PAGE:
Dump Box - where to store removed frames ?

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Jul 18, 2011
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sarf london/surrey
Hive Type
Number of Hives
5 hives
Thanks to a poster today for pointing me at a link which discussed using a 'dump box'

That thread lead me to this pdf and all credit to Wally Shaw.

Sounds like a good option to store frames that are taken out of circulation during a demarree etc


full pdf here


dump box contents here


Dump Boxes

A dump box is an empty box (deep or shallow) that is placed on top of the supers
on a hive in the apiary. But which hive (or hives) should be used? Since some of
the frames that are going to be placed in the dump box will contain brood, it is
useful to select a hive that would benefit from the consequent boost of bee numbers (providing you are sure that there is not some more sinister reason why the
colony needs a boost). In an apiary containing 8 hives it may be necessary to
have more than one dump box to accommodate all the frames that you have targeted for replacement. Dump boxes can be left part filled with frames if there is
not a big nectar flow in progress but it is best to position them to one side of the
box and place a dummy board against the frame next to the gap. If you forget to
fill the box and there is a strong nectar flow, the worst that will happen is that the
bees will build wild comb in the void. But this is easily cut out and crushed to extract the honey which, incidentally, can be lovely and clear and give you some
good honey for showing.

Using a dump box it is possible to remove frames for replacement that have useful contents, ie. either brood or sealed and unsealed stores (or a mixture of all
three), which you do not want to waste. In due course brood will emerge and the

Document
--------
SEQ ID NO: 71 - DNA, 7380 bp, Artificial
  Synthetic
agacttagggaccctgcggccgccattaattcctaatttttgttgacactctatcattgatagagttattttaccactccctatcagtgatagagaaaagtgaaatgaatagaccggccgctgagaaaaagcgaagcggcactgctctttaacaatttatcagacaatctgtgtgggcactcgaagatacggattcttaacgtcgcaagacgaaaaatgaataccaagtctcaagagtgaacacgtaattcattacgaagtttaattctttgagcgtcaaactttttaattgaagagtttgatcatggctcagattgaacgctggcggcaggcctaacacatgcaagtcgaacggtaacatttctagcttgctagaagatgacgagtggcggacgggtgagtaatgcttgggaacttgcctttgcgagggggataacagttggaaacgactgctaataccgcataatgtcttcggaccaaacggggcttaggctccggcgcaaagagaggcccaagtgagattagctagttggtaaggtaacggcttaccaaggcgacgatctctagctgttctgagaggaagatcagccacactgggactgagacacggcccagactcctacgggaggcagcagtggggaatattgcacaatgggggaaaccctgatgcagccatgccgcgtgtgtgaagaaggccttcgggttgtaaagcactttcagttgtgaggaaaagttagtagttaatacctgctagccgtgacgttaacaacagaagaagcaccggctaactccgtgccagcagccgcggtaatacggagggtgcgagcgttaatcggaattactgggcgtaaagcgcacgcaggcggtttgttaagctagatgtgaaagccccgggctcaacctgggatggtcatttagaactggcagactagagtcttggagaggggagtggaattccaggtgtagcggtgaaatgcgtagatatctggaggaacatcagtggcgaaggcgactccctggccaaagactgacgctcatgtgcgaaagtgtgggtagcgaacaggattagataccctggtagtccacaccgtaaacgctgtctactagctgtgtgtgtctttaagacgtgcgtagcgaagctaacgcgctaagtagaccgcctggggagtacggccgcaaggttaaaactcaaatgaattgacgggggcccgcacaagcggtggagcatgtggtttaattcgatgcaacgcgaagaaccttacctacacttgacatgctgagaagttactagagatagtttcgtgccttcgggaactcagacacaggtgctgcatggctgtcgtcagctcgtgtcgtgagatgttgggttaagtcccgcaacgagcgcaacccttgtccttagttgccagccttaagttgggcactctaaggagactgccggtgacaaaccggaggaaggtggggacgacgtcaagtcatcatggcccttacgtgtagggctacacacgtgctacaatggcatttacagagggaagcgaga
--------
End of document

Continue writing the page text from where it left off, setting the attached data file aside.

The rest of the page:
bees will fill the vacated cells with honey and the box will become a honey super.
The same will happen to frames containing pollen or unwanted stores (or a mixture of the two); the empty cells will be used to store honey which can be extracted at the end of the season. After extraction the better frames can be put
back into circulation and poor ones can be cleaned-up ready for re-waxing next

Moving brood from a hive and re-locating it in the dump box also provides a
measure of swarm prevention because this is exactly what is done in one of the
oldest swarm prevention methods, the Demaree; except, in this case, the frames
of brood are normally put to the top of the hive from which they came.
A contra-indication for the use of a dump box is if disease is present or has recently been a problem in the apiary. Under these circumstances no combs should
be moved from hive to hive – certainly not brood combs and preferably not super combs.
Another precaution that has to be observed is the possible production of queen
cells in the dump box. When moving brood combs to the top of a hive, where
they are at some distance from the queen which is below the excluder at the
bottom of the hive, there is always the risk that the nurse bees that move up to
tend the brood will consider themselves queen-less and start emergency queen
cells. The more supers there are between the queen at the bottom of the hive
and the dump box at the top, the more likely are queen cells to be produced. If
this situation were allowed to develop unchecked I am not sure what would happen. The virgin queen at the top of the hive would be unable to get out and mate
- unless there were unauthorised exits above the queen excluder (which, let’s
face it, does happen). This could result in you inadvertently getting a two queen
colony which would be interesting! Probably the queen would just die a lonely
spinster but I suppose an undetected queen roaming about above the queen
excluder might induce a swarm or cause the death of the incumbent queen – but
I have not seen anything like that happen (yet). I do not want to over-emphasis
this potential problem, as queen cells are rarely produced in my experience but
it does pay to check this after 5-7 days and obviously destroy any that are seen.